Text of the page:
Bond informally surveyed the companies they invest in — businesses “generally run in the cloud using cutting-edge technology,” most of them online businesses, and often with 40-50% of their workforce focused on engineering and product development. The early results? “At the margin, productivity is the same or higher.” And its survey respondents also reported that video calls can be efficient and productive, while people who work outside of headquarters actually now feel more included. Plus, “It’s easier to bring outsiders in for quick video discussions.”

If this seems like an unusually focused look at emerging trends, there’s a reason. Axios.com, which republished the report in full, points out that one of the partners at Bond is Mary Meeker, known for her iconic annual Internet Trends Reports, and that this report “shares some structural similarities.”

The most important trend it found may be that workers are really enjoying this break in commuting, as well as the more flexible schedules and eating their meals with their families. And most of the companies surveyed said they’d now be planning to distribute their work forces even more. Some were also thinking about its possible positive effects on corporate recruiting — and one founder predicted nimble startups would be receptive to the idea.

“We are finding, in many ways, there’s a lot to like.”

Other Upgrades

But it’s not just entrepreneurs who have room for improvement. Bond’s report also expressed a hope we’ll see “long-overdue upgrades and overhauls of government technology/processes.” And they’re also predicting we’ll finally see the culmination of a long-term move toward digital health records. “Healthcare is just beginning to embrace the modern data architecture of interoperability and APIs,” they write. “Despite decades of investments in electronic health records, there remains hundreds of dark, unconnected pools of healthcare data.”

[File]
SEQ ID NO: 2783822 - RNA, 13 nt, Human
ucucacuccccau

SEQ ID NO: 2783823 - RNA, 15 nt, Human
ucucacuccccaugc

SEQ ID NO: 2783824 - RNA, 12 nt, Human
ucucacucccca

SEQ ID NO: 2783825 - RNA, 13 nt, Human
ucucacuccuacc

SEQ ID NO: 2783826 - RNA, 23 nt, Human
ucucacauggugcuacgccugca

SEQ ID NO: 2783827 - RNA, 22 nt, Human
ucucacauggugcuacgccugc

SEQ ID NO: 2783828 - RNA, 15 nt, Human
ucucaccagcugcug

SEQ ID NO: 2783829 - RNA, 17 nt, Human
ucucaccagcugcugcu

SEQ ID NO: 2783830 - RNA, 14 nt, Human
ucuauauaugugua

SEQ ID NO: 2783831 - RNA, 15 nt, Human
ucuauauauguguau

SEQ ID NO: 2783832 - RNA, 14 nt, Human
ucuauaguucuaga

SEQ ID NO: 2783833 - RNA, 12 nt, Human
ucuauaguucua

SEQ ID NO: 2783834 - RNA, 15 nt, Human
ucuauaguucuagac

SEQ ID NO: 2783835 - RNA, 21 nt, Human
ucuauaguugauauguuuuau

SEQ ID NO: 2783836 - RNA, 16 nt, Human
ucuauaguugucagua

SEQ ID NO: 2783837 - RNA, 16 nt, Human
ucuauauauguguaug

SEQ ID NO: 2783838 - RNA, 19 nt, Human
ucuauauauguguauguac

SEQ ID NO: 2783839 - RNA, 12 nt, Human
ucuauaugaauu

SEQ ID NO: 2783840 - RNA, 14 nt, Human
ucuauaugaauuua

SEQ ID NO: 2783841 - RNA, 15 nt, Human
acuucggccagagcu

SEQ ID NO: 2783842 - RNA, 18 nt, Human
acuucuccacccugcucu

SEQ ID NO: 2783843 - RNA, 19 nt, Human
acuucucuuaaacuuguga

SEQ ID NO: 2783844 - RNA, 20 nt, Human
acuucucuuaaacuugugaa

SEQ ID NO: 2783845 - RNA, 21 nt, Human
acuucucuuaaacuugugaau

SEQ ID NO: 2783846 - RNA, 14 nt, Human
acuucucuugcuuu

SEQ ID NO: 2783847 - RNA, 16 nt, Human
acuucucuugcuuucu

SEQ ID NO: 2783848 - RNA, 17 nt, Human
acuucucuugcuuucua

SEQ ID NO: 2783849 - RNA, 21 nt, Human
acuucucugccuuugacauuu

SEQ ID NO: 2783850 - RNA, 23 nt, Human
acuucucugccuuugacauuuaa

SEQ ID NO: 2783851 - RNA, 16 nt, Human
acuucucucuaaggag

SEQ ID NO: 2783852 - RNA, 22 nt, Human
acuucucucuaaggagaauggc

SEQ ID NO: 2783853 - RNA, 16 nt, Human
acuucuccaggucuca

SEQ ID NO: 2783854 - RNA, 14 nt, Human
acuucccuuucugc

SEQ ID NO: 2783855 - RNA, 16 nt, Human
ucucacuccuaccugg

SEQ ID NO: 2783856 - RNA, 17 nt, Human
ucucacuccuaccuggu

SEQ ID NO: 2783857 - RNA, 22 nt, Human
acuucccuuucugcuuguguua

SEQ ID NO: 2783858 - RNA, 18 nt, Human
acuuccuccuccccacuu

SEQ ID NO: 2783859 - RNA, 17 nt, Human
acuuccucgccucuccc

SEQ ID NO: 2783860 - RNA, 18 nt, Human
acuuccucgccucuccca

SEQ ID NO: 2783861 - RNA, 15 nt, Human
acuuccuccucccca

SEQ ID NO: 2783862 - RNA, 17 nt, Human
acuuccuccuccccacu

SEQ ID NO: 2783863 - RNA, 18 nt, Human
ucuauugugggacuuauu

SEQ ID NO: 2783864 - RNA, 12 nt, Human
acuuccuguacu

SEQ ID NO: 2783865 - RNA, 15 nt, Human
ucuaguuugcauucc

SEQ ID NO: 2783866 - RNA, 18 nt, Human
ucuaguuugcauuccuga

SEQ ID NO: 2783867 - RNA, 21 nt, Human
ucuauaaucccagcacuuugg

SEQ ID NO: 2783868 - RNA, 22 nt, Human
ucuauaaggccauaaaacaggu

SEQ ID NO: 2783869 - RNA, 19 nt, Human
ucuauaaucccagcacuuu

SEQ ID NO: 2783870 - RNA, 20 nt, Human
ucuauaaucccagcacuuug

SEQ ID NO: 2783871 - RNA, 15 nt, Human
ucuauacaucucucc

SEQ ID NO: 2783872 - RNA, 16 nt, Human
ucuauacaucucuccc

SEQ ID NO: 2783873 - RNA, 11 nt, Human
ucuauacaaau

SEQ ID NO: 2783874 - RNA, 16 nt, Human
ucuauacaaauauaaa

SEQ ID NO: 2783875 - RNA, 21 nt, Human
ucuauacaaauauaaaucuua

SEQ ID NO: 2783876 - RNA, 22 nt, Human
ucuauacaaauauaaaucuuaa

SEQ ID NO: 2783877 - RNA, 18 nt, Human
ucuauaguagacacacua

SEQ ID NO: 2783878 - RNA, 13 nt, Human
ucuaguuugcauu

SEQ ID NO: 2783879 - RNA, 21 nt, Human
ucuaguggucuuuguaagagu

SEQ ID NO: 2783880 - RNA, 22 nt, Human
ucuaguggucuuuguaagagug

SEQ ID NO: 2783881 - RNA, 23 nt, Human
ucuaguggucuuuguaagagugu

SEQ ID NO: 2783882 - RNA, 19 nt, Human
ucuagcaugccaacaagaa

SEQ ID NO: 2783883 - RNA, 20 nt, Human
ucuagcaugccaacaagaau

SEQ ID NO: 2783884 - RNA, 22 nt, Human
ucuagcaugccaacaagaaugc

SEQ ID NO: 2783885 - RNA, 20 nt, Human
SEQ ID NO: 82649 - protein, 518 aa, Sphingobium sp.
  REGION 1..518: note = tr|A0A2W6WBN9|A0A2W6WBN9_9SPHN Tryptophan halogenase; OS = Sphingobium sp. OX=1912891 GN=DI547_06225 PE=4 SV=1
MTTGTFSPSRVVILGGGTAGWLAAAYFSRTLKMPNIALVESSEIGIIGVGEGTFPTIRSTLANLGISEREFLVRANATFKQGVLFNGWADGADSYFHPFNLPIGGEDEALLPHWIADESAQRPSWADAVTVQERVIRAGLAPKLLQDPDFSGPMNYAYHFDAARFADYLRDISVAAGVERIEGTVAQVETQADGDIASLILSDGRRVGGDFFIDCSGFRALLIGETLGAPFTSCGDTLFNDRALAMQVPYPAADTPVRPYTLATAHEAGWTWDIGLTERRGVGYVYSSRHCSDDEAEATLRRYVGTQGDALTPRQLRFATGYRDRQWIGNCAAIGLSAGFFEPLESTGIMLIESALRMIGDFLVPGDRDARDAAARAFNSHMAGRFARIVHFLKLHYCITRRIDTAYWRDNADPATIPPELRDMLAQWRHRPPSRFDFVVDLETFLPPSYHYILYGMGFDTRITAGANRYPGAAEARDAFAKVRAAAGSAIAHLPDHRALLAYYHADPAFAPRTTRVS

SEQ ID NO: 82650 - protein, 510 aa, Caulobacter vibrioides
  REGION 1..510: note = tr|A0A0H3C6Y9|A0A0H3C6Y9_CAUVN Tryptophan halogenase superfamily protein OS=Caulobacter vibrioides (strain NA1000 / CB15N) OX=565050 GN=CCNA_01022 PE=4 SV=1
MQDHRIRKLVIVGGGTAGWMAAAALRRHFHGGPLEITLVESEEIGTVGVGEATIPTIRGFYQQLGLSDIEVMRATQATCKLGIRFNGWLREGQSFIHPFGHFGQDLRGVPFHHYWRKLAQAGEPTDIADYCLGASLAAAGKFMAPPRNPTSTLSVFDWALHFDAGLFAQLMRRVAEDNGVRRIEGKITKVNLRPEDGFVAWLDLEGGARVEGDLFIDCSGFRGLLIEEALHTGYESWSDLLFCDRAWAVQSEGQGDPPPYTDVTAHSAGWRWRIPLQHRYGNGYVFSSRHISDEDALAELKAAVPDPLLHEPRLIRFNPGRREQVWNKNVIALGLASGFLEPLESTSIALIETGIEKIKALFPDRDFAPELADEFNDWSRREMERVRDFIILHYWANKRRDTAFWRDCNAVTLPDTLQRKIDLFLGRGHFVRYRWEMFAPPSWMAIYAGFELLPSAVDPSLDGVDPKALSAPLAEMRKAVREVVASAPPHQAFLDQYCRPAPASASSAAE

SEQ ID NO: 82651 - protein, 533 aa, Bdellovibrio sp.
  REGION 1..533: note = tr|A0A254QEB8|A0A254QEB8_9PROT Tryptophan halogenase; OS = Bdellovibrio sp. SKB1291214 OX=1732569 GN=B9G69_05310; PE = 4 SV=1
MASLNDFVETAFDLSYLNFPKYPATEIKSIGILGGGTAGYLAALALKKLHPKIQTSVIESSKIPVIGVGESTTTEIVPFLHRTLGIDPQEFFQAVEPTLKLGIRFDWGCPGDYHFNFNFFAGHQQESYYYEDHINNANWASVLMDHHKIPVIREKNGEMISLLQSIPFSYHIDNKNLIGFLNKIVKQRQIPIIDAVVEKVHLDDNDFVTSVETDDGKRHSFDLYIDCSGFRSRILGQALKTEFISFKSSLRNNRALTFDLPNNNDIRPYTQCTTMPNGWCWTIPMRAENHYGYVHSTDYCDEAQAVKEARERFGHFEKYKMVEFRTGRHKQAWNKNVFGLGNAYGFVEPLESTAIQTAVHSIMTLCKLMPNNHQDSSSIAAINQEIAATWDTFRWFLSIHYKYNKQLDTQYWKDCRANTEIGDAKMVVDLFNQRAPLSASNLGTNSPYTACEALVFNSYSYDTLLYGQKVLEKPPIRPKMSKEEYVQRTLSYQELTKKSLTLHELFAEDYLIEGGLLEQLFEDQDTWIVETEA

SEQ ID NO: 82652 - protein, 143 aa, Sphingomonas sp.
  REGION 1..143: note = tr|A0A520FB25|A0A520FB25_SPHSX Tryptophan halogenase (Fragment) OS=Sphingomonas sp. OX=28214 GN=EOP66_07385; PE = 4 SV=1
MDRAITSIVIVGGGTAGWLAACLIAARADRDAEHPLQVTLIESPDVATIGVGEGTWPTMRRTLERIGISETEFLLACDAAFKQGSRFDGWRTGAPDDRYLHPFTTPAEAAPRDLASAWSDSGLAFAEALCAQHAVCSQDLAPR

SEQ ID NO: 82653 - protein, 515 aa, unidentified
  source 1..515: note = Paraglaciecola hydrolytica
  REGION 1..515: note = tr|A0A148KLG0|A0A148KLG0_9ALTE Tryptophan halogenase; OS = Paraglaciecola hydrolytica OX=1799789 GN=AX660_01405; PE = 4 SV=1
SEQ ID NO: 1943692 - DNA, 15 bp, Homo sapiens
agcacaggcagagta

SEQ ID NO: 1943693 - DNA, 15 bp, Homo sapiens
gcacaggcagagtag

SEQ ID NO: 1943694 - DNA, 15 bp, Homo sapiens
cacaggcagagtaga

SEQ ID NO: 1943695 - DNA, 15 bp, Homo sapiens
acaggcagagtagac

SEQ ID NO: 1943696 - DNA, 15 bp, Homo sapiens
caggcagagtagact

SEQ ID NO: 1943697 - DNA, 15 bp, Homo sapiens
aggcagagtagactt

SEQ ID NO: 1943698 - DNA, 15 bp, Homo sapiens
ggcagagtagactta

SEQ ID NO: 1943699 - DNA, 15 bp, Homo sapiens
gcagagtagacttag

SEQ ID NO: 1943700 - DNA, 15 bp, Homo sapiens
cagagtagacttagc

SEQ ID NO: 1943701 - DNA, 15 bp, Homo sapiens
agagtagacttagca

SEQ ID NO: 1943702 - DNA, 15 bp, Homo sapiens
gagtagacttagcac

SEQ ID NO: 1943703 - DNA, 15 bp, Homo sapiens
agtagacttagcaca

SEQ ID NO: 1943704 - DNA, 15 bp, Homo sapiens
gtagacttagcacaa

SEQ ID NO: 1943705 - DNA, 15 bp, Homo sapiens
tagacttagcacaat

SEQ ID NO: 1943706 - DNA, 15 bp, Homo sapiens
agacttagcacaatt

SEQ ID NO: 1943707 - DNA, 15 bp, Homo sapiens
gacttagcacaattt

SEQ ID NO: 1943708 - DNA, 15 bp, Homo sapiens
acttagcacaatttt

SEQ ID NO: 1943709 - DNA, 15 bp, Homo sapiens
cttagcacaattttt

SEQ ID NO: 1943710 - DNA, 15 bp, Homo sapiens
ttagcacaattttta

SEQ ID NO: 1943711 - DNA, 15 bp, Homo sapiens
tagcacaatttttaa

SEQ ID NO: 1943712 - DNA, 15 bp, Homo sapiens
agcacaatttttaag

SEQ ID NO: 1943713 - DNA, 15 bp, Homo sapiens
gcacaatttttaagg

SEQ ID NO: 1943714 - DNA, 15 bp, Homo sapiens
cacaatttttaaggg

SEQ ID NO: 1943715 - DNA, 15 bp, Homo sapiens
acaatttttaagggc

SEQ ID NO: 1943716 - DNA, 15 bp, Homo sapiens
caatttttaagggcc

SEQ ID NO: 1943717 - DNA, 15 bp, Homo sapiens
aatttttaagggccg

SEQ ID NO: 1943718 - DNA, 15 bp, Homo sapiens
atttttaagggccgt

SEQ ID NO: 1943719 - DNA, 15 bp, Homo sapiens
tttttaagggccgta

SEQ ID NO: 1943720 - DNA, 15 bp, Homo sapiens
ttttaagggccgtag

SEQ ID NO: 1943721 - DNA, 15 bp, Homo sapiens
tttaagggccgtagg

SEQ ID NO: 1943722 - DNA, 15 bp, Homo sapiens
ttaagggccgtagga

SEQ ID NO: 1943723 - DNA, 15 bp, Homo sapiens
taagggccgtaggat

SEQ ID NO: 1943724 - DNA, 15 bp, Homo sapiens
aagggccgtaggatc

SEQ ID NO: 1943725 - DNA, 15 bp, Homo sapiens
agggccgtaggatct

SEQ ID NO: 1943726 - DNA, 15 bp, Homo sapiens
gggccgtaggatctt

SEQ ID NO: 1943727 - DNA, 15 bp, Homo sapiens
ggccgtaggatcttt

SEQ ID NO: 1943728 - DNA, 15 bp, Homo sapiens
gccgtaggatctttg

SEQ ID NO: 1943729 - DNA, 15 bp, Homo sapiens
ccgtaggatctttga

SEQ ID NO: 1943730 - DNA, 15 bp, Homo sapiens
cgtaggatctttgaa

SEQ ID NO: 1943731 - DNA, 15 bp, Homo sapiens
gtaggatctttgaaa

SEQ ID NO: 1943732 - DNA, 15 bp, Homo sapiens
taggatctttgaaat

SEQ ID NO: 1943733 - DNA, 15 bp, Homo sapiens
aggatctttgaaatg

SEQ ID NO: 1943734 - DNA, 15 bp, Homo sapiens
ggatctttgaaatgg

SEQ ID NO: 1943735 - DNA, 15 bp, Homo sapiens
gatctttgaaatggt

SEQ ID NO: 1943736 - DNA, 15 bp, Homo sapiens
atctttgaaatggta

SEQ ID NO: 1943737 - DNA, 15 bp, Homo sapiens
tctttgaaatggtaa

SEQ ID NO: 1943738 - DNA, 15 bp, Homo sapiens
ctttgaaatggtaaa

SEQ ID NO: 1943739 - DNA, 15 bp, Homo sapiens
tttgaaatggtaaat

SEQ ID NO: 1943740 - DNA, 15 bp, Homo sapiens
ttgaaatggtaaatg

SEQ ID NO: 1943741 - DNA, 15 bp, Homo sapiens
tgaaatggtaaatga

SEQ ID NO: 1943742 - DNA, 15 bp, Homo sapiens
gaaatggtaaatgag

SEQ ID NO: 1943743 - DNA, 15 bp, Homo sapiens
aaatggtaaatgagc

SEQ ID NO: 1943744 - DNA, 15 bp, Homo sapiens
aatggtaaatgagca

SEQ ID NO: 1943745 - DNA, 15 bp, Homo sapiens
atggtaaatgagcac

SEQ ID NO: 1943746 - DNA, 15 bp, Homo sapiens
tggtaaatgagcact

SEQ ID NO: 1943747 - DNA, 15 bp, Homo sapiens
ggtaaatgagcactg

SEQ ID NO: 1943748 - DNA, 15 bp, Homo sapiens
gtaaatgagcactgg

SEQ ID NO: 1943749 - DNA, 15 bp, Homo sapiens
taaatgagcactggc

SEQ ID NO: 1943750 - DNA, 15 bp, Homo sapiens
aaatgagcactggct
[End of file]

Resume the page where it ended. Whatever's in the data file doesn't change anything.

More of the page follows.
Bond’s report also predicts a continuation if not an acceleration of already-underway trends — including remote medicine. Besides its obvious benefits during a pandemic, telehealth “is faster, and often delivers better quality, and is almost always cheaper…”

“The demand has shifted forever on virtual care,” Jason Gorevic, CEO of Teladoc Health, told CNBC.

Bond’s report ultimately argues that creative innovators, globally and together, “will rise above the virus.” There are already several examples appearing on technology news sites. Raspberry Pi-controlled 3D printers have been used to print face shields, while others are using their printers to generate parts for medical equipment. To help COVID-19 innovators, O’Reilly Media is offering free downloads of its ebook “Prototype to Product,” written by a tinkerer who is now working on an open source ventilator.

Bond believes our current pandemic “creates a moment for the technology sector and its entrepreneurs to shine.”

Inspiring Legacies

Of course, they’re not the only ones who are there for the American people, and CNN shared a particularly inspiring story. In eastern Pennsylvania, more than 40 workers spent 28 days living in their factory — and working 12-hour shifts — in order to keep producing polypropylene, the raw material needed by downstream factories to create medical face masks.

It’s all proof of one more positive trend spotted by Sherry Turkle, professor of science and technology social studies at MIT (and the founding director of the MIT Initiative on Technology and Self). She pointed out a new willingness to give that’s been happening online, from YoYo Ma’s free cello concerts to the entrepreneurs offering their time to listen to pitches. “This is a different life on the screen from disappearing into a video game or polishing one’s avatar. This is breaking open a medium with human generosity and empathy. This is looking within and asking: ‘What can I authentically offer? I have a life, a history. What do people need?’

“If, moving forward, we apply our most human instincts to our devices, that will have been a powerful COVID-19 legacy.”


WebReduce

Feature image: Chris Fitzpatrick, Audrey Jeffers Highway, Trinidad (Creative Commons via Wikipedia)